ANKE: It doesn’t have to be like that. I come from East Germany. I was 21 when the Wall fell. I was raised in a society in which it was totally normal for both parents to work. Over 90 percent of women, many of them with kids, worked or studied full time. The EU target is 60 percent. It can happen. It’s not in our genes. Article three of our constitution says man and woman are equal. In the 1994 they added a sub-clause that said if that is not a reality, government must do something to make it a reality. The tax laws are doing the opposite, as is insufficient childcare. The women end up taking care of the kids. Many men don’t want to do it. And when they do want to do it, what kind of feedback do they get from their bosses, colleagues? It’s okay for eight weeks, but not if they want to leave for half a year or a year...
So, it’s a cultural problem?
ANKE: I was just complaining on Twitter today about this René Lezard catalogue that I got in the mail. Look at the man: he’s standing straight. He’s got self-confidence and composure, a really strong aura. Now look at the women: they look like they’re starving, depressed, ‘please save me’. They’re powerless. And René Lezard is supposed to be a brand for women executives! It’s ridiculous! It’s not an exception. This stereotype is promoted by marketing and PR. The message to women is: you are weak, you are fragile, you can’t do anything on your own. You rarely see a woman in an ad with a strong grip on something, even on their handbag. Models are often shown leaning on something because they can’t stand on their own – or they stand on one leg. When I train women managers, I always tell them: you must stand strong on both feet.
Daniel, how does it feel to live with a feminist, after all that time hanging out with male computer nerds?
DANIEL: Within the hacker clubs, there are a lot of people who are aware of these issues. It’s not like there are no stereotypes against them either – the nerds, the geeks and their supposed social disabilities and whatever… But you asked how it is to live with a feminist. The question should be, how is it to live with someone who knows who she is? Someone who knows how to hold her lipstick with a tight grip. [Laughs]
ANKE: Or a tool!
DANIEL: …and that’s really a great thing! In all my relationships before, that was the only thing I was missing. To be with someone who knows what she stands for.
But Anke, when you switched from the Greens to the Pirates, were you really expecting to find more feminists there? I thought they were ‘post-gender’!
ANKE: That has changed in the last 12 months. Most Pirates now realise that ‘post-gender’ is a nice vision that is far from reality. They have learned a lot. Compared to other organisations with a similarly high share of males, the Pirates have one thing that’s different: their value DNA, so to speak. The notion of equality is so hard-wired into every average Pirate that it’s an open door for women. I discovered how many were strongly against sexism, and had no problem voicing it openly. Many are open feminists.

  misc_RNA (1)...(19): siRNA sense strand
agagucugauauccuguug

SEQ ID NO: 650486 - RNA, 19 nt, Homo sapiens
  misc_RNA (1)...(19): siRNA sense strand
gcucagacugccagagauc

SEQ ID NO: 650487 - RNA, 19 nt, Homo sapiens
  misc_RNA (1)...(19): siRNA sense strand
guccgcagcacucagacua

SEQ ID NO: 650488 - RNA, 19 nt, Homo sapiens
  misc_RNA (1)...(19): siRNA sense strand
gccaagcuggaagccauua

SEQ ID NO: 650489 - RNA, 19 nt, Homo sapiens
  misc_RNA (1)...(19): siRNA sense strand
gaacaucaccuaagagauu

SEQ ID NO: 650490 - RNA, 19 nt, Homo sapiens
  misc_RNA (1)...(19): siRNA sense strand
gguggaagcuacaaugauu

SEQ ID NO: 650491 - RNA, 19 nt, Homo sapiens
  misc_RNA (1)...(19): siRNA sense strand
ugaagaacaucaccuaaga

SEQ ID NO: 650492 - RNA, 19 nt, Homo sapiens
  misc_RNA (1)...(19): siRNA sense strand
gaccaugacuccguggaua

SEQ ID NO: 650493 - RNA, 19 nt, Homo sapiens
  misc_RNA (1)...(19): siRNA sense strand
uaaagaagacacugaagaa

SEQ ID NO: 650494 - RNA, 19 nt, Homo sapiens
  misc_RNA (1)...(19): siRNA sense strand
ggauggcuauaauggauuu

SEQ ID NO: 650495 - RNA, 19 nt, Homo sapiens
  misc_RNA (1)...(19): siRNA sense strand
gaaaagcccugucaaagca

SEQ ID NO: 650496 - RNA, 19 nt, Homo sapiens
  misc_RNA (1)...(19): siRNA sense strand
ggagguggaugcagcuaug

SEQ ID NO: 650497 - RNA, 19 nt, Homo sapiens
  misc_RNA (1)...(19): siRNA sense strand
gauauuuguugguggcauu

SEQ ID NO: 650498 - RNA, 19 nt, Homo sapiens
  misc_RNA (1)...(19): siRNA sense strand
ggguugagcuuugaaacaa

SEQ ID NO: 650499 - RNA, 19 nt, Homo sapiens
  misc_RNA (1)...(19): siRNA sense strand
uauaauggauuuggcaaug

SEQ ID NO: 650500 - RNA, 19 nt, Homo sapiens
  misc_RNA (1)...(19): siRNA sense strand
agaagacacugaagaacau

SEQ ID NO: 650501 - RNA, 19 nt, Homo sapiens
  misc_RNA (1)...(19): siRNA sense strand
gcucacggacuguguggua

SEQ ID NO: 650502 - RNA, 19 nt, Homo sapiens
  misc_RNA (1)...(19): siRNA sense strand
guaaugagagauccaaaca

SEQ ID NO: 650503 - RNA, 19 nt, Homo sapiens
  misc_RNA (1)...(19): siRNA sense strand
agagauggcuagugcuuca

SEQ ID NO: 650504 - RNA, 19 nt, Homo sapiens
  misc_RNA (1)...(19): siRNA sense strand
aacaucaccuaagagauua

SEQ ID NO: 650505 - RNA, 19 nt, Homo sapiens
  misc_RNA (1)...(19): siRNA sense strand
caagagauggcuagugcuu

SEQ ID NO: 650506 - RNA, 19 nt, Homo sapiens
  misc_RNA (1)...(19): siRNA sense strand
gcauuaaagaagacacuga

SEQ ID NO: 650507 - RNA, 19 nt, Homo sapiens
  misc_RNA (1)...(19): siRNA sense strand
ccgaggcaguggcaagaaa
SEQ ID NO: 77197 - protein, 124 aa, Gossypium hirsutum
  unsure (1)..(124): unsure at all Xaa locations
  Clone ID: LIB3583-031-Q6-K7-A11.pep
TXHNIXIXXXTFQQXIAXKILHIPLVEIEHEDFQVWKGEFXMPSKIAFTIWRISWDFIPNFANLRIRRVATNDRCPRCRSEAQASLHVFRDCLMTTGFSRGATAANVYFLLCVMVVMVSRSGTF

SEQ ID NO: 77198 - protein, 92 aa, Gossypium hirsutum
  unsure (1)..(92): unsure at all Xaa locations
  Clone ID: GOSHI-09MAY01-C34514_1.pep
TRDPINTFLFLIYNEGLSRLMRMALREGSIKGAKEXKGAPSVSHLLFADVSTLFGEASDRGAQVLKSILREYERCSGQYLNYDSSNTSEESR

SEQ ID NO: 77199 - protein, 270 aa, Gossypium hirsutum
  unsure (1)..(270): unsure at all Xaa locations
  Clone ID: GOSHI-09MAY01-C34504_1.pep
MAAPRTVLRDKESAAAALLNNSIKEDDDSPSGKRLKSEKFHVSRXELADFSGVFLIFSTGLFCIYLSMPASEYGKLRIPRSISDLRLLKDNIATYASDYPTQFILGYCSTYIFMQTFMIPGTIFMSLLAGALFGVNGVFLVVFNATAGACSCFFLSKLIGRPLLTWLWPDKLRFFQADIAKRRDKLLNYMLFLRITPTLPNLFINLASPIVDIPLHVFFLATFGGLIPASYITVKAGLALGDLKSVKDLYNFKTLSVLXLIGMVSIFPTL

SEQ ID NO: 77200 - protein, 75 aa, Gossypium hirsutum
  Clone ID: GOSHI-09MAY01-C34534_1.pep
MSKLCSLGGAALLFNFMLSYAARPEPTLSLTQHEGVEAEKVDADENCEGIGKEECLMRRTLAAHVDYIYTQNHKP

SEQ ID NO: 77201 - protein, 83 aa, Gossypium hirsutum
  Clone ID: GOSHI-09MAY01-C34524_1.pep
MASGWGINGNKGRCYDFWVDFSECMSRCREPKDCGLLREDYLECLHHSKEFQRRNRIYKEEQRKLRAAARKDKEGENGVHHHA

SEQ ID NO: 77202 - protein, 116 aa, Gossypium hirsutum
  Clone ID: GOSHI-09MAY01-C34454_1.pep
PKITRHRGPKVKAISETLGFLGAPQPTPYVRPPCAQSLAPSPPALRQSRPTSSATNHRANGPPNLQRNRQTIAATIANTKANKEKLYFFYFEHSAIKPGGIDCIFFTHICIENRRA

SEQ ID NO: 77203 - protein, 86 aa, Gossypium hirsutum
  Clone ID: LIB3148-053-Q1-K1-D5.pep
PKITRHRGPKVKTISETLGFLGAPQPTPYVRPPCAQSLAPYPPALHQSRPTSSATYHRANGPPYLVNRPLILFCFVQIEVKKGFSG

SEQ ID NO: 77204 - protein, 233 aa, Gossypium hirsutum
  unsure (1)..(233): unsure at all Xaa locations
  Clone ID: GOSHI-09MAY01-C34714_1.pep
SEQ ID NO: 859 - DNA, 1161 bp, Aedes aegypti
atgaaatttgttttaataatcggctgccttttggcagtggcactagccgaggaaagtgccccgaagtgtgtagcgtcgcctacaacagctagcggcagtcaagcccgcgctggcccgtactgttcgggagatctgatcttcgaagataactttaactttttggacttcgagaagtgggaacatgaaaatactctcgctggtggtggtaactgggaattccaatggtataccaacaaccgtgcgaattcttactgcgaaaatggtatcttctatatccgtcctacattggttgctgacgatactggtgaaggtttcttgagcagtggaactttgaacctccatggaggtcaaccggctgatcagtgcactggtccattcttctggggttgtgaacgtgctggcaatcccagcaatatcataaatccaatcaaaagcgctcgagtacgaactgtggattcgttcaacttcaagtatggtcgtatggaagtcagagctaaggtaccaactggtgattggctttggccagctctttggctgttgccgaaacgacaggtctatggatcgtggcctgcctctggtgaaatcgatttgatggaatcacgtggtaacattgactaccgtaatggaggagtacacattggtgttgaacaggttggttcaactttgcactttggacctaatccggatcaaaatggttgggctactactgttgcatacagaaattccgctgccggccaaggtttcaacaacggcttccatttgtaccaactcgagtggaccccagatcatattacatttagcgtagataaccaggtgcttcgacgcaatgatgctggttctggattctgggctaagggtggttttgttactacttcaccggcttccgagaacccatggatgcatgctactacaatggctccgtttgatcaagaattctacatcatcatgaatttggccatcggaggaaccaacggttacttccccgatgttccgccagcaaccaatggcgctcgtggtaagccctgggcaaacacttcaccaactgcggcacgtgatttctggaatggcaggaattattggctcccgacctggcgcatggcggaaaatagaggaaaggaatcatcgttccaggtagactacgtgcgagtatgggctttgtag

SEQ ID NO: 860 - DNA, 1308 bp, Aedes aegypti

What is the proportion of women in the Pirates, 10 percent?
ANKE: It’s somewhere between 10 and 15 percent. We have the same problem as with women in management in general: a lack of role models. We need more visible women in leadership positions, for other women to think it is possible. Merkel has done that. Recently, more and more great women have been visible in the Pirate Party. Marina Weissband and Julia Probst are two great examples of self-confident, intelligent, cool women. Pirates would tell me “If the only issue is the lack of women, then come and join us and help attract other women.” I think it’s right!
So why did you both decide to join the Pirates last May?
DANIEL: I have known a lot of Pirates for a long time. I sympathised with the Pirates in Sweden since the first minute. But I wasn’t really inclined to join a political party. I was not tired of politics, but I was tired of party politics. Life models are changing. Part of this is triggered by the internet, how we live today, how we communicate. You can talk to whomever in the SPD or the CDU – they haven’t the slightest idea where this is leading. That’s where the Pirates are different: they’ve acknowledged that something fundamental needs to change, and they are working towards that. I don’t agree with the culture 100 percent, but I think it is the only political movement looking at the bigger picture. And this triggered my decision to become active.
The way you were describing it reminded me of the way people talk about holistic medicine…
DANIEL: Holistic is the only approach! People don’t care enough about the implications of their everyday decisions. If I buy shoes, what’s the implication for somebody in a sweatshop in Southeast Asia? If I eat chicken, what are the consequences for the rainforest that needs to be burnt down to grow soya for that chicken?